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Habitat Protection for Endangered Species

The following article published in the "Times Union"  is relevant to the Ridgewood Reservoir's habitats because several species of endangered, threatened and special concern designation have been identified within the basins.

Habitat Protection New Possibility for Endangered Species
By Brian Nearing - Staff Writer

ALBANY -- For the first time, the state is spelling out rules that would treat a potential threat to an endangered species' habitat as if it were a direct threat to the animal itself.

State rules have long protected endangered animals from being killed or harassed due to new development. A proposal released Thursday by the Department of Environmental Conservation would formally extend that protection to lands that such animals rely upon to live, feed and reproduce.

There are 53 endangered species of mammals, birds, reptiles, fish, insect and mollusks in the state. Some are well-known, like the Karner blue butterfly and the peregrine falcon; others remain obscure, like the bog buckmoth and gilt darter fish. Another 35 species are considered threatened.

DEC intends to create a new process, which would produce an "incidental taking permit," to consider potential habitat damage that might harm these animals before deciding whether development can go forward.

"With this proposal, we are codifying practices that had been in place for several years as a result of court decisions over the past decade," DEC Commissioner Pete Grannis said in a statement. "While improving the protection of rare species, these revisions also will benefit landowners, developers, local planners and others by providing clear guidance and predictability in planning and designing projects."

"This is a positive step," said John Kostyack, director of wildlife and global warming for the National Wildlife Federation. "Endangered species laws are evolving around the country to recognize that (a threat) is not just pulling out a gun and shooting an animal, but also destroying its habitat."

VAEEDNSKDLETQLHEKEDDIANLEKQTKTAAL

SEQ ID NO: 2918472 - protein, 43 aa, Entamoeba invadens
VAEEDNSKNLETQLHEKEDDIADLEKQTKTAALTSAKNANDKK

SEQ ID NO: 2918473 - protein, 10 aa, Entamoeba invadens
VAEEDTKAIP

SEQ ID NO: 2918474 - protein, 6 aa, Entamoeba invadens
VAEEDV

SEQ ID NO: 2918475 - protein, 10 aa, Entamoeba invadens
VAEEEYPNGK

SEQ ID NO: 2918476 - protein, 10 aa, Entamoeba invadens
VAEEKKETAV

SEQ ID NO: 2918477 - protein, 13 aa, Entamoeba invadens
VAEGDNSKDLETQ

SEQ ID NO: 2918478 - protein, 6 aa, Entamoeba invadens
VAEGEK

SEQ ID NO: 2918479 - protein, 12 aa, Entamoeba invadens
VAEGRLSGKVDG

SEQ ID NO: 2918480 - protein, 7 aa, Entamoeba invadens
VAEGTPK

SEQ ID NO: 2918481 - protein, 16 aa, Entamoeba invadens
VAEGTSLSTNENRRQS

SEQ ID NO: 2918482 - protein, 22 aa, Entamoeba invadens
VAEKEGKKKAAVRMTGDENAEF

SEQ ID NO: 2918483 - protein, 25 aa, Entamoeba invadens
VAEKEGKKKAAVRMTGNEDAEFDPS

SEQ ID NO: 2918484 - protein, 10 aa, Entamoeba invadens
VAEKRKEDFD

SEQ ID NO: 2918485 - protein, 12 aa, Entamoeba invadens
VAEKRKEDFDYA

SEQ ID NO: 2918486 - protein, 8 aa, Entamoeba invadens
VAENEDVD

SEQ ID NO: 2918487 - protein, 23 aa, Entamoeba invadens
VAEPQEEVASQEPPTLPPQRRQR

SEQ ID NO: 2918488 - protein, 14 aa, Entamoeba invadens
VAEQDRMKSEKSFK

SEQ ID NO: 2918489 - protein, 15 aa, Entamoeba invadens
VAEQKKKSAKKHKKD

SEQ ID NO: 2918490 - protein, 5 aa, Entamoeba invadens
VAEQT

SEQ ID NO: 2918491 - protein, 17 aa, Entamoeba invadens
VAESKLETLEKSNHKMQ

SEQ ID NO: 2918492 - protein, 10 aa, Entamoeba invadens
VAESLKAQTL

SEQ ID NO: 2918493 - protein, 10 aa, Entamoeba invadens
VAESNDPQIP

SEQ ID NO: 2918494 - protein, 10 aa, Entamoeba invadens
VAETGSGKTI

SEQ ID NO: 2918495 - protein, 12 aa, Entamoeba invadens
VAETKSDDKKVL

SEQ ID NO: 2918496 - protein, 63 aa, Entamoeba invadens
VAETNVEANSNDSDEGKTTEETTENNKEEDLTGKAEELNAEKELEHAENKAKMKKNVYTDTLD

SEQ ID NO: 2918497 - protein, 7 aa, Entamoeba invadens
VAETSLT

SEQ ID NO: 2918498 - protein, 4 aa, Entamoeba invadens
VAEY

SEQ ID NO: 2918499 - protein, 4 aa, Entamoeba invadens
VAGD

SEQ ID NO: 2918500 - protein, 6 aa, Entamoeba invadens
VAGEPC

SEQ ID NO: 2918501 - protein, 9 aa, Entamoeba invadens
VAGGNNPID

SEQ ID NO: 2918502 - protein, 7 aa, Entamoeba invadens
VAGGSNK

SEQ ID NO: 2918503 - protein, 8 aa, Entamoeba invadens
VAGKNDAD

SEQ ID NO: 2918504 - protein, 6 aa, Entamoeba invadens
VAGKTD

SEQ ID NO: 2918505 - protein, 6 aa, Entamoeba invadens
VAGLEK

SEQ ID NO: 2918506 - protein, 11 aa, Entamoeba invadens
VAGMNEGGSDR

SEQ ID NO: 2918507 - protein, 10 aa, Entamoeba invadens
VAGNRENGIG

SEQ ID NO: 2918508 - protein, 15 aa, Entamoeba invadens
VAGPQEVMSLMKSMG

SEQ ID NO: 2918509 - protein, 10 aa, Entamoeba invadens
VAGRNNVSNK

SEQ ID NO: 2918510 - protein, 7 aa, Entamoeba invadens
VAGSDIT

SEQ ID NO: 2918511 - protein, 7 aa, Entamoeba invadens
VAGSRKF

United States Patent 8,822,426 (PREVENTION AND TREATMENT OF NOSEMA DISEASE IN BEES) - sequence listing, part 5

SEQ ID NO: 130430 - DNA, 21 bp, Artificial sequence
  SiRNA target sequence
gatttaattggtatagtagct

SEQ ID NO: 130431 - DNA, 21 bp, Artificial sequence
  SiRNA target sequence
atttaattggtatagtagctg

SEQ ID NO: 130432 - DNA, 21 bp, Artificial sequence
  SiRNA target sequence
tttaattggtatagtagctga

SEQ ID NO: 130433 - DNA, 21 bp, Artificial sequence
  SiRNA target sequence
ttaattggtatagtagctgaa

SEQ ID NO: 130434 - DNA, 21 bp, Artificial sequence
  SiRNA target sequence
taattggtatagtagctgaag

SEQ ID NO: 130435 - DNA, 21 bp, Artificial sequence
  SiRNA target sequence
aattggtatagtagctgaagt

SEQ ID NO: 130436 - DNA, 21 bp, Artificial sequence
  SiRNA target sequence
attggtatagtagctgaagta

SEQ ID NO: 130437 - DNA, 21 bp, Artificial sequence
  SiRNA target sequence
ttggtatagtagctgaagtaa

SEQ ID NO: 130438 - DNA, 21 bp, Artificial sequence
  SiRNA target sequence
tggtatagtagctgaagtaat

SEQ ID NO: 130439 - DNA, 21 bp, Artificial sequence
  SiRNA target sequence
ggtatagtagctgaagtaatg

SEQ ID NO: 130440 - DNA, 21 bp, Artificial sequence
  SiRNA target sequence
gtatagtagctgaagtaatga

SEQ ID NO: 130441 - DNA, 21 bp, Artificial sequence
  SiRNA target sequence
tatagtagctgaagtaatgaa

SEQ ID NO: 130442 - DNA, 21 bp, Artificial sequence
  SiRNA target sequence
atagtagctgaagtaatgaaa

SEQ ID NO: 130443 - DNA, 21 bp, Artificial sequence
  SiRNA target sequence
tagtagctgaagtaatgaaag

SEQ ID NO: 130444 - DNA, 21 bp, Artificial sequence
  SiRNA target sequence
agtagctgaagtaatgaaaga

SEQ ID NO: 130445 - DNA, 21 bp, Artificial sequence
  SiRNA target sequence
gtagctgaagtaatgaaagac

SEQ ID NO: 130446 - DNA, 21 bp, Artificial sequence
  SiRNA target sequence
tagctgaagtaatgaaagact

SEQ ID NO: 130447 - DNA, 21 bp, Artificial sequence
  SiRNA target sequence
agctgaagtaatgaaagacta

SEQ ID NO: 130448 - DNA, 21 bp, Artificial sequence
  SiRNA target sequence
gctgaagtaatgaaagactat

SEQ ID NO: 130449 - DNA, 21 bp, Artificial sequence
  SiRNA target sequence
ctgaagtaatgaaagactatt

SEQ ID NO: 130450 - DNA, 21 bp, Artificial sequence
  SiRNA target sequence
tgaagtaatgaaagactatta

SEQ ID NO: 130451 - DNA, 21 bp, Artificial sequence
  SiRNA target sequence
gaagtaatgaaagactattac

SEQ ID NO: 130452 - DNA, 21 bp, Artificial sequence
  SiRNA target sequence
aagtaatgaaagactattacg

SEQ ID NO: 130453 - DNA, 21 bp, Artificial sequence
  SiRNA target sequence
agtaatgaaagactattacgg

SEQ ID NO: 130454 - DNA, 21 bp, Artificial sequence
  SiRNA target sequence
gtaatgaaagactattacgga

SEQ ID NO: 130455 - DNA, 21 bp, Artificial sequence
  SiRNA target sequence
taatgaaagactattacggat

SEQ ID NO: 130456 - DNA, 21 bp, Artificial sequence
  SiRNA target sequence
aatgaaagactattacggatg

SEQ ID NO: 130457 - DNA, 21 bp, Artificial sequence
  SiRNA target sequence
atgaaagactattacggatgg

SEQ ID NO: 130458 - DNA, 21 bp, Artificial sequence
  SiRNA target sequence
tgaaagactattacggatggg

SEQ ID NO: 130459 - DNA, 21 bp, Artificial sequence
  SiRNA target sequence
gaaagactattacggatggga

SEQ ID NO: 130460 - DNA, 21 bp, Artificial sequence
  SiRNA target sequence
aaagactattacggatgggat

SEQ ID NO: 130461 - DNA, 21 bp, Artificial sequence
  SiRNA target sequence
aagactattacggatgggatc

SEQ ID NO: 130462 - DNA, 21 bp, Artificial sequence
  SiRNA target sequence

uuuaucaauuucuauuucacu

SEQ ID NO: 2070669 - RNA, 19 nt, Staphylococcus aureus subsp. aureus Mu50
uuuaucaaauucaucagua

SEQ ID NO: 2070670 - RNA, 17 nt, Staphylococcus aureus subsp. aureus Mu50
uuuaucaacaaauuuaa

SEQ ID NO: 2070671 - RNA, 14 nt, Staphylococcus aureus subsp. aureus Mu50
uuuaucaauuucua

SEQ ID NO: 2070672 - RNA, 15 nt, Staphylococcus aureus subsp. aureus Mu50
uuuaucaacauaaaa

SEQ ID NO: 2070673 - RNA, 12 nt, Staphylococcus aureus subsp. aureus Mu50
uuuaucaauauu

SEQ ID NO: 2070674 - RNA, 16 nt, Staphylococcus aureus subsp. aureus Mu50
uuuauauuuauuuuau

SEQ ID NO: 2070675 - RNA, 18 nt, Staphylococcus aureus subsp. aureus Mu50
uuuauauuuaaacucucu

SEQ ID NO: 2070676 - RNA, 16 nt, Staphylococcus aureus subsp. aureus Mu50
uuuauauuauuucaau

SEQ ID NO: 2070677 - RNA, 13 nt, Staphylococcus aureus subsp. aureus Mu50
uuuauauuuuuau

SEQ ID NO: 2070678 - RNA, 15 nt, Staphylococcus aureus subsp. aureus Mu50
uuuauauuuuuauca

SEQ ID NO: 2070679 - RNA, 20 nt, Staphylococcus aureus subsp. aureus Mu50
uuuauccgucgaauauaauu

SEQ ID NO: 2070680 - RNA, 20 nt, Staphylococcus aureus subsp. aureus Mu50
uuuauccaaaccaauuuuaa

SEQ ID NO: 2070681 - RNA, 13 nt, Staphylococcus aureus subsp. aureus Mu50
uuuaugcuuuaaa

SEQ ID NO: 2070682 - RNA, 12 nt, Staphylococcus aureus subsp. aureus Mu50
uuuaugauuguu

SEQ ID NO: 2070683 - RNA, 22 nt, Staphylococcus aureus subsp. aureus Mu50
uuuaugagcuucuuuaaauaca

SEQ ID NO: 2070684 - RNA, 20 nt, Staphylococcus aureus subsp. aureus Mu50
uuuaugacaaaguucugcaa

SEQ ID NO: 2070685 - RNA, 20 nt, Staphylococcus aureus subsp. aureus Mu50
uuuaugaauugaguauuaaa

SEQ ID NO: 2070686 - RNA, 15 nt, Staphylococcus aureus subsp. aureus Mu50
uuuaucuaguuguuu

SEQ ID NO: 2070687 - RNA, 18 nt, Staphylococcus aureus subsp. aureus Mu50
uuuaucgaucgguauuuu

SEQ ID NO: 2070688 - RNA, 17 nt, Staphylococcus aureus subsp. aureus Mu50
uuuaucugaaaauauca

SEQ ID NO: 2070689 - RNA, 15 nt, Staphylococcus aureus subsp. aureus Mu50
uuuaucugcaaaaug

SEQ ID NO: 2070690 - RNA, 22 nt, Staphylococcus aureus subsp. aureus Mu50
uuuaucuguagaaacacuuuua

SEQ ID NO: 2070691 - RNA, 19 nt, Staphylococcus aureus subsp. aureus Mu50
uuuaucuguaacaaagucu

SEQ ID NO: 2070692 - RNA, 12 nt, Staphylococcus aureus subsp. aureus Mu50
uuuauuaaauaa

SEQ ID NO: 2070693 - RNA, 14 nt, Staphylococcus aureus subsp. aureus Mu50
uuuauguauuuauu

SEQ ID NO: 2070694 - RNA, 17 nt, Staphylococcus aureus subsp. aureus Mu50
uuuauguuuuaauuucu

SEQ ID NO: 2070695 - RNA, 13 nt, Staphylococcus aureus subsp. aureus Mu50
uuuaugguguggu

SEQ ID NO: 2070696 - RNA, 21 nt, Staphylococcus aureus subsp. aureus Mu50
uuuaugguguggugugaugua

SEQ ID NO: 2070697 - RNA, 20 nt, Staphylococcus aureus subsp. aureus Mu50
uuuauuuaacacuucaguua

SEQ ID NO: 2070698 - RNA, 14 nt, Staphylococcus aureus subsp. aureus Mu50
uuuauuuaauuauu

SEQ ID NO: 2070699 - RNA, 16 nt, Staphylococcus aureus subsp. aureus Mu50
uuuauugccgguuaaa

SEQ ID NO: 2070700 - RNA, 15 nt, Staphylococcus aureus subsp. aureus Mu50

Chris Amato, DEC's assistant commissioner for natural resources, said the agency has been considering habitat impacts for endangered or threatened species on a case-by-case basis since 2007, but had no formal rules in place.

"People have been confused over what the requirements for endangered and threatened species were -- whether they needed a permit and how to get one," he said. "These regulations are designed to inform the public exactly what the process is."

Amato said that the permit will depend on a "biological judgment call" of whether land was an occupied habitat of a particular species. That area would have to fulfill an "essential behavior," including "breeding, hibernation, reproduction, feeding, sheltering, migration, movement and overwintering," according to the proposed rules.

Developers could choose to either steer around such lands, or get a permit that would also require a mitigation plan, such as acquiring other suitable habitat elsewhere for conservation purposes.

"The overriding purpose of these rules is to protect these species' survival and foster their recovery, so they can be taken off the lists," Amato said.

Brian Nearing can be reached at 454-5094 or by e-mail at nearing [AT]